After months of unfamiliar restrictions and guidelines, pandemic fatigue is affecting how some Americans protect their health. However, experts warn that diligence is still extremely important because new mutations and variants of the virus that causes COVID-19 are being discovered. The typical cold and flu season also brings added threats to people’s health and wellness.
“Staying diligent is one of the most important things we can do as we navigate through cold and flu season as well as the COVID pandemic,” said family medicine physician Dr. Jennifer Caudle.
Though you may still be spending more time at home, it’s important to take proactive steps to maintain your health. Caudle offers these practical tips to help protect your health while you’re waiting for vaccination eligibility amid the pandemic this cold and flu season.
As COVID-19 continues to impact communities from coast to coast, there’s no better time to avoid getting sick. Even if you catch a less serious illness like a cold or the flu, health care professionals in many areas are stretched thin. What’s more, getting sick could compromise your immune system, making you more susceptible to a more serious infection.
Minimizing your risk of exposure means limiting close contact with others outside your household, wearing a mask and washing your hands regularly with soap for at least 20 seconds. An alcohol-based sanitizer that is at least 60% alcohol can substitute for hand washing, if necessary.
Always avoid touching your face when out and about, and when possible, avoid high-touch surfaces like door handles and light switches. If you’re prone to allergies, be conscious of what triggers allergic reactions and manage your allergies so you’re able to easily identify any new symptoms that may not be allergy related.
Staying healthy isn’t just about avoiding germs. Managing your physical health means keeping your body in top condition by eating right, exercising, getting enough sleep and ditching habits that can negatively impact your body, like smoking and excess drinking. It’s also important to monitor your mental health since factors like stress and depression can take a physical toll that impacts your body’s immune response.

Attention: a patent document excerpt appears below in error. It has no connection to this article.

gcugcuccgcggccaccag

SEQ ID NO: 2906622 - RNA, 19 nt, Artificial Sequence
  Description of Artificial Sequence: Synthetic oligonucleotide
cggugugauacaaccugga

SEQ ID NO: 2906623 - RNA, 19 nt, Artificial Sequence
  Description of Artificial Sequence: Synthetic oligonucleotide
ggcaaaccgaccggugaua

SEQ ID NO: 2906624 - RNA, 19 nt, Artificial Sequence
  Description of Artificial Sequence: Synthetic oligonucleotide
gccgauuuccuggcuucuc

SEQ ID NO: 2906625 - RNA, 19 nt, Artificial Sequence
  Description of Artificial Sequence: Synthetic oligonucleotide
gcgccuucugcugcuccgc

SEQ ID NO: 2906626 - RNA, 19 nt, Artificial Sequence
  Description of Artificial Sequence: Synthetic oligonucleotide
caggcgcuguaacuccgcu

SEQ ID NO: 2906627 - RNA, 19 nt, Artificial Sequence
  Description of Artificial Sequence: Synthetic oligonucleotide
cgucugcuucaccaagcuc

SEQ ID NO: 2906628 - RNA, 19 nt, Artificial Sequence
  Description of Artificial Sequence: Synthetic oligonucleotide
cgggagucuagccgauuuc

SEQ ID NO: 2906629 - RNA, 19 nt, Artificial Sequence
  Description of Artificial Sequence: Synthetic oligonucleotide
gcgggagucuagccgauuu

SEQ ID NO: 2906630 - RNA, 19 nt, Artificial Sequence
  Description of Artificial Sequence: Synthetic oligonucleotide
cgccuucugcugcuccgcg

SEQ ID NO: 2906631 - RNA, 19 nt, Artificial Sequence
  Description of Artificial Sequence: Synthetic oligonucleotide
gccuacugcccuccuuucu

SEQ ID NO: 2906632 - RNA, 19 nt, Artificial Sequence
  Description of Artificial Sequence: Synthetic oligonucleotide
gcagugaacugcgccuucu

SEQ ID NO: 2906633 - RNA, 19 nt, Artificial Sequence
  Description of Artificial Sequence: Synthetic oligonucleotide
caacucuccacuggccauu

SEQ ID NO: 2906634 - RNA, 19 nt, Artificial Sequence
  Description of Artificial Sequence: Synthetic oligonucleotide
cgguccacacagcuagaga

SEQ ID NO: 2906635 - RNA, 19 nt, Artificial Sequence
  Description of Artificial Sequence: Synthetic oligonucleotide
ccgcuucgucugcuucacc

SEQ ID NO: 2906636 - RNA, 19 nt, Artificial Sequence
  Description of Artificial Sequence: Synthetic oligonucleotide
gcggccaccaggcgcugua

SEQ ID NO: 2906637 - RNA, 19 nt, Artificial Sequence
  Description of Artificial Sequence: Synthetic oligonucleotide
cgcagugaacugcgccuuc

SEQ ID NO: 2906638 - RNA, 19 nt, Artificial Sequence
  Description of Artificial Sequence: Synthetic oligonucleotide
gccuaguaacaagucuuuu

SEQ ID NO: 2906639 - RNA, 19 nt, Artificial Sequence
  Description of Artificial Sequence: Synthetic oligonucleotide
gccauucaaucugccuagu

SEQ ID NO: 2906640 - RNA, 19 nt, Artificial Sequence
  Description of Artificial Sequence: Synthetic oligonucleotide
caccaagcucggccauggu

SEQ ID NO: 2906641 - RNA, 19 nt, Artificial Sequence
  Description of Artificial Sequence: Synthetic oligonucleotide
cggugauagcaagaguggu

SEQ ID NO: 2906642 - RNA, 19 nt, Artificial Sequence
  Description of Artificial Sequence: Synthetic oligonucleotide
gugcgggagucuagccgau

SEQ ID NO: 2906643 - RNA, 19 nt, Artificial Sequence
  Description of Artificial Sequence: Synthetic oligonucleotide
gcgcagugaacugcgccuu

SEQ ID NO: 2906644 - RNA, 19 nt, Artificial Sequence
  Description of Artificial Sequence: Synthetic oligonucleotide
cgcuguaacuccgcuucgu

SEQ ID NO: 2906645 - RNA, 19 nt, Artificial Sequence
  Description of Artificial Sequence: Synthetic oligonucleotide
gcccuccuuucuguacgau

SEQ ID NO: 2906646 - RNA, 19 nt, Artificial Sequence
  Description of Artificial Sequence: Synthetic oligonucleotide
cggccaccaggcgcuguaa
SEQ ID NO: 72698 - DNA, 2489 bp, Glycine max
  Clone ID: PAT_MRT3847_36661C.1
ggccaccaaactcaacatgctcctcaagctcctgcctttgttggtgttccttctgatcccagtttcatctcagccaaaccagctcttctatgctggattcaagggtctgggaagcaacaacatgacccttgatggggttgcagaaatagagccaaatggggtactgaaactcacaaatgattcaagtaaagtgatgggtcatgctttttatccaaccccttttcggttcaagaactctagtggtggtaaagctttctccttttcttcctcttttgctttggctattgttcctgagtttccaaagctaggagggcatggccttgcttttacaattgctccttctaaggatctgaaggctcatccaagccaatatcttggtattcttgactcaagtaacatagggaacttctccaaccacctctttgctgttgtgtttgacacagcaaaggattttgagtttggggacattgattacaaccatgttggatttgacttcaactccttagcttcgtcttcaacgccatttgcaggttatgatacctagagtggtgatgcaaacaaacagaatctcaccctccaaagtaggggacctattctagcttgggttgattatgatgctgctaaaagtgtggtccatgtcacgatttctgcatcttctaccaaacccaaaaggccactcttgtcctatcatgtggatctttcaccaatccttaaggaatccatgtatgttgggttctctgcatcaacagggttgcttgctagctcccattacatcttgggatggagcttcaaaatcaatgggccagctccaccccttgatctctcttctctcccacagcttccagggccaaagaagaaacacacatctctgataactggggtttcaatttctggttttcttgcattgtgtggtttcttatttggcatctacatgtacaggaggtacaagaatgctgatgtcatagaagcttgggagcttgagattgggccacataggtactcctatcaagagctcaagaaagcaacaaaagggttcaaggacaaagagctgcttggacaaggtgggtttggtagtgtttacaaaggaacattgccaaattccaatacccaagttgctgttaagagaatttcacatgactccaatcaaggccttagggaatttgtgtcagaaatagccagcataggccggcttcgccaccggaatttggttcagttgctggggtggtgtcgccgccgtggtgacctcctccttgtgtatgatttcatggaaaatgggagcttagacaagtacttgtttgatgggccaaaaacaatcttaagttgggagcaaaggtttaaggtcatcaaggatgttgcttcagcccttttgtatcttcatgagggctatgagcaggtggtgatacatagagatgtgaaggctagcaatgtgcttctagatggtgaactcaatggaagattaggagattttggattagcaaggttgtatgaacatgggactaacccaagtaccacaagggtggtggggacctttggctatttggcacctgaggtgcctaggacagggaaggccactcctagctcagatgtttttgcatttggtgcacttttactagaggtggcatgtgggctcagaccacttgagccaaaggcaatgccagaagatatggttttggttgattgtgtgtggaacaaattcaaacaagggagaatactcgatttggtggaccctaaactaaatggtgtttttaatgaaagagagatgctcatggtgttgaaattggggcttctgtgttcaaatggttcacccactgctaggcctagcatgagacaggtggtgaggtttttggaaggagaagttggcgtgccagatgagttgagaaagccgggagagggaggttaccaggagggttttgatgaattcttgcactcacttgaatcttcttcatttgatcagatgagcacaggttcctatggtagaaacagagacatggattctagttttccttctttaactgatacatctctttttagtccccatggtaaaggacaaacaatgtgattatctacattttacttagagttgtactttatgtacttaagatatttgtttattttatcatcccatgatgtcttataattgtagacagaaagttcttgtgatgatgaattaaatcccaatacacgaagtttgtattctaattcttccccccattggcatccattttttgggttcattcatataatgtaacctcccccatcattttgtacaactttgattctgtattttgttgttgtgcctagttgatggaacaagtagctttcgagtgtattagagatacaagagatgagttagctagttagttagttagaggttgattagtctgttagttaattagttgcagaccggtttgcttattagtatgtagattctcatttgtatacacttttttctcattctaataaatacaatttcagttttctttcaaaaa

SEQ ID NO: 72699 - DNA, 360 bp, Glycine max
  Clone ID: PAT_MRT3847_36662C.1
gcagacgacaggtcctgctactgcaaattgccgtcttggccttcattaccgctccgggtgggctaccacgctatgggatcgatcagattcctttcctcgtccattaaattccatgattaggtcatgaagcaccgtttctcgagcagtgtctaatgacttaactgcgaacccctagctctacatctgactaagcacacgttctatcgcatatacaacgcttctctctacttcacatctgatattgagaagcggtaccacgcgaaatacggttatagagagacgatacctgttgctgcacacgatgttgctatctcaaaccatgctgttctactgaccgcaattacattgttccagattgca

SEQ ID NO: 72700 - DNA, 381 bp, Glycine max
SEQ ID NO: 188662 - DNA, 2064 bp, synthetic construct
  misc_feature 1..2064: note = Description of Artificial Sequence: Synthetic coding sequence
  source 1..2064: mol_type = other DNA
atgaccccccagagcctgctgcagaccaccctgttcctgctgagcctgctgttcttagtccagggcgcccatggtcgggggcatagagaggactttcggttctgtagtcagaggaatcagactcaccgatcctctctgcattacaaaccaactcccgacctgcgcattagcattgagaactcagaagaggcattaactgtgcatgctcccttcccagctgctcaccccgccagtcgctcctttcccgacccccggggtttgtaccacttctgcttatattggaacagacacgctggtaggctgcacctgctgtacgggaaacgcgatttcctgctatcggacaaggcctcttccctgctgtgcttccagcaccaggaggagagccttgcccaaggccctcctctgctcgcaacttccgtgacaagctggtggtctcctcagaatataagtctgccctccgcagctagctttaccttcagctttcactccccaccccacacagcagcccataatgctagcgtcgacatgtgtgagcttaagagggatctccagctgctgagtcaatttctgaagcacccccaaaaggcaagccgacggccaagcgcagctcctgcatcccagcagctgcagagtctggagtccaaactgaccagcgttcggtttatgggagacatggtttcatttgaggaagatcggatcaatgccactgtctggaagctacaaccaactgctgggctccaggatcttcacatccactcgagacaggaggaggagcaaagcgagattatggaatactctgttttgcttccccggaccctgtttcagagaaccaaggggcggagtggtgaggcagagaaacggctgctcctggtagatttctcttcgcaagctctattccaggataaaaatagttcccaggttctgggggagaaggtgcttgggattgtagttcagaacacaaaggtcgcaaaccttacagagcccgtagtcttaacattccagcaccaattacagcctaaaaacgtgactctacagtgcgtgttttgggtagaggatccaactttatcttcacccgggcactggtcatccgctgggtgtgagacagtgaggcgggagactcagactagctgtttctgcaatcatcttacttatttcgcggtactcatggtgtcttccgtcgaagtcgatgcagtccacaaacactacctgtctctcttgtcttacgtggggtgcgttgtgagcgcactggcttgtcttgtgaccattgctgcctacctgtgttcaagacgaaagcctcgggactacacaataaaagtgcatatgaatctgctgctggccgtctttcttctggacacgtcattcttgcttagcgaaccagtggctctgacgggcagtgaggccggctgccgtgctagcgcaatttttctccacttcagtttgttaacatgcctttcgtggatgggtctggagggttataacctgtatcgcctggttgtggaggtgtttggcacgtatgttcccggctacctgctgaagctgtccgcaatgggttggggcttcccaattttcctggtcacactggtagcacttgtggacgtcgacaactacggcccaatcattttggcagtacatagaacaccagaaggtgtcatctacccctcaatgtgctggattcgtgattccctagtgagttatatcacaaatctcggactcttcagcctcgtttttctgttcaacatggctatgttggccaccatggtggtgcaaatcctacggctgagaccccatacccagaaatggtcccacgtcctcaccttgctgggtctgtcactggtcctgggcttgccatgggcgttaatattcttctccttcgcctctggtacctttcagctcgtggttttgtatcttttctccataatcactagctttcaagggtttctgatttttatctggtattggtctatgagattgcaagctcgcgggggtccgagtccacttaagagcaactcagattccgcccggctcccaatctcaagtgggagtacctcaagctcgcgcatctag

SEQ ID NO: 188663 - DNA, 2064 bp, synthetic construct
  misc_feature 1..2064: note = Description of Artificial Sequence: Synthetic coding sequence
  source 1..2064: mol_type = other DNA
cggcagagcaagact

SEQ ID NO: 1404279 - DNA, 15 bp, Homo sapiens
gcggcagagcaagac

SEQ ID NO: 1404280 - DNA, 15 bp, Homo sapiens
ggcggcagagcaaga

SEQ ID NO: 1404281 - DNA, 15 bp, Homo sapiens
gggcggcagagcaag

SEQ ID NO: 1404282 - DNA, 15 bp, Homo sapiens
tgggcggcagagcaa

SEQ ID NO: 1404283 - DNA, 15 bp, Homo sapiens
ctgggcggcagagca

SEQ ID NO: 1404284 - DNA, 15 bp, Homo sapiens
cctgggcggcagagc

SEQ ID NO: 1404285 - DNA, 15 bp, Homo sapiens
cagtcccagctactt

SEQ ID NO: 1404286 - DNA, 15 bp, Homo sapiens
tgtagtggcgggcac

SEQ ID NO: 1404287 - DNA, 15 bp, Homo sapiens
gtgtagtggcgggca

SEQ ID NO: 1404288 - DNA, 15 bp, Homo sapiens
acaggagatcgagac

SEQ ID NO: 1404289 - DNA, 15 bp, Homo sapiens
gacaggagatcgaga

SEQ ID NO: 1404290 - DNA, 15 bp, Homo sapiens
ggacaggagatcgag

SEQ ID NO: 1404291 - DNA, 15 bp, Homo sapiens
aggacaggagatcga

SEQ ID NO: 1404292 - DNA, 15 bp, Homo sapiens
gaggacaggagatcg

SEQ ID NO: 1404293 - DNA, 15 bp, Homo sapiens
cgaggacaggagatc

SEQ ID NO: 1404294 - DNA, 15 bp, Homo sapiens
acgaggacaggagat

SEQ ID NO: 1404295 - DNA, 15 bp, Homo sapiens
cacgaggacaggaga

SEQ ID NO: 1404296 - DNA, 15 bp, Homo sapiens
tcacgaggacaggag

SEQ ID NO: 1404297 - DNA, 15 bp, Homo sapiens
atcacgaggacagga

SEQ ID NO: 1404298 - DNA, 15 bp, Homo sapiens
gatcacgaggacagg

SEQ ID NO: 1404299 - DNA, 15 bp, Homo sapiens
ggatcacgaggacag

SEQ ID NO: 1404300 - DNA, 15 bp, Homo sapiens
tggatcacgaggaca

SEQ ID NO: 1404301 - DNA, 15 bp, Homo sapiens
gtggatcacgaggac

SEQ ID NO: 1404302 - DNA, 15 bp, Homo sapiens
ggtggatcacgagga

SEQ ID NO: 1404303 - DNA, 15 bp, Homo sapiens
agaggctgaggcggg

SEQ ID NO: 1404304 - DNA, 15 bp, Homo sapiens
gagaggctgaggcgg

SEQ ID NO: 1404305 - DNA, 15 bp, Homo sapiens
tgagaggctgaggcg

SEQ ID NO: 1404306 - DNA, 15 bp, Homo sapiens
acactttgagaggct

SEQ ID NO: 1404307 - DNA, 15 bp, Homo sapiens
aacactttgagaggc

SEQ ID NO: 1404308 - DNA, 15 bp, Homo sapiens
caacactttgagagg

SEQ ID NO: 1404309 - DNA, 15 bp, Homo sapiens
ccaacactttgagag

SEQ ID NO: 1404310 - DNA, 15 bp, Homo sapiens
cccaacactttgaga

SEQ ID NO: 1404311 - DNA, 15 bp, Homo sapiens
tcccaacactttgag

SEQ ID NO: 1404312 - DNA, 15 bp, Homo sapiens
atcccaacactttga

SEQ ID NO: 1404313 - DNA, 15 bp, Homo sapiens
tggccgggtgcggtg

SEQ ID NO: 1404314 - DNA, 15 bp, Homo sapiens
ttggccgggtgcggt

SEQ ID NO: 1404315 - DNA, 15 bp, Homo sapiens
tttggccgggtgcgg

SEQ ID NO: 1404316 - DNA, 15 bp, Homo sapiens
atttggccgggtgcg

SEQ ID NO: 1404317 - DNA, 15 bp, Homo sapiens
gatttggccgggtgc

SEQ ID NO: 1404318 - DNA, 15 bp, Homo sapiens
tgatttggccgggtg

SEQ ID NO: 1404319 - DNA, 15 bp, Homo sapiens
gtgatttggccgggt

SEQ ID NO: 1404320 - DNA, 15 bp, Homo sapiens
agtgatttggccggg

If you get sick, it’s important to pay close attention to your symptoms. However, this cold and flu season brings a unique variable with the possibility that your symptoms may actually stem from a mild case of COVID-19. Weather may also fuel stronger than usual allergy responses, so distinguishing between cold, flu, COVID-19 and allergy symptoms can be especially tricky. Testing may be necessary to get the proper diagnosis and ensure you’re taking the right precautions to prevent the spread of any infection. If you have questions or concerns about your symptoms or about COVID-19, consult your health care professional.
Depending on your diagnosis, a health care professional may suggest medication to help treat symptoms until your illness runs its course. There are a variety of products available over the counter that are commonly used to treat symptoms of respiratory viral infections. Many provide relief from multiple symptoms in a single dose. For example, an option like Mucinex DM lasts 12 hours when used as directed and contains dextromethorphan, which helps to control cough, and guaifenesin to help thin and loosen mucus.
Control a Pesky Cough
How long a cough lasts depends on its cause, but you may be able to tame the symptoms until it’s gone.
- Produce is packed with vitamin C, a nutrient that helps support your immune system.
- Menthol may be a soothing natural remedy. It’s one of the compounds that gives mint its flavor, so brew a cup of strong mint tea and put it to the test.
Steam and Hydration
- Both steam and water help thin your mucus, which may help clear chest congestion. Try a warm, steamy shower or a soak in a hot tub and drink plenty of fluids to keep your body hydrated.
Around the House
- If you’re struggling with a parched throat from your cough, try gargling salt water to soothe discomfort.
- Lozenges increase your saliva production to help soothe a parched throat and get you feeling better as your cough subsides.
- Exposure to particulates in the air, like pollutants and irritants, may be linked to nighttime dry coughing. A high-efficiency particulate air filter can help remove them.
- Wipe down surfaces. Cleaning removes settled dust and pollen while disinfection can help remove lingering cold and flu germs.
- If you’re smoking, stop. Smoking is a leading cause of chronic cough. Also avoid secondhand smoke as much as possible.
- Rest recharges your immune system, and getting enough sleep may help you cope with an illness that is the cause of a lingering cough. An option like Mucinex Fast-Max All-In-One Cold & Flu relieves nine symptoms including cough, stuffy nose, sore throat, fever and headache so you can get on with your day.
- Rely on a cough medication that contains dextromethorphan, which works on the cough center of your brain to help suppress coughing.
You can identify the right formula to provide relief based on symptoms you are experiencing by using the online tool at Mucinex.com, where you can also find more information regarding self-care remedies.
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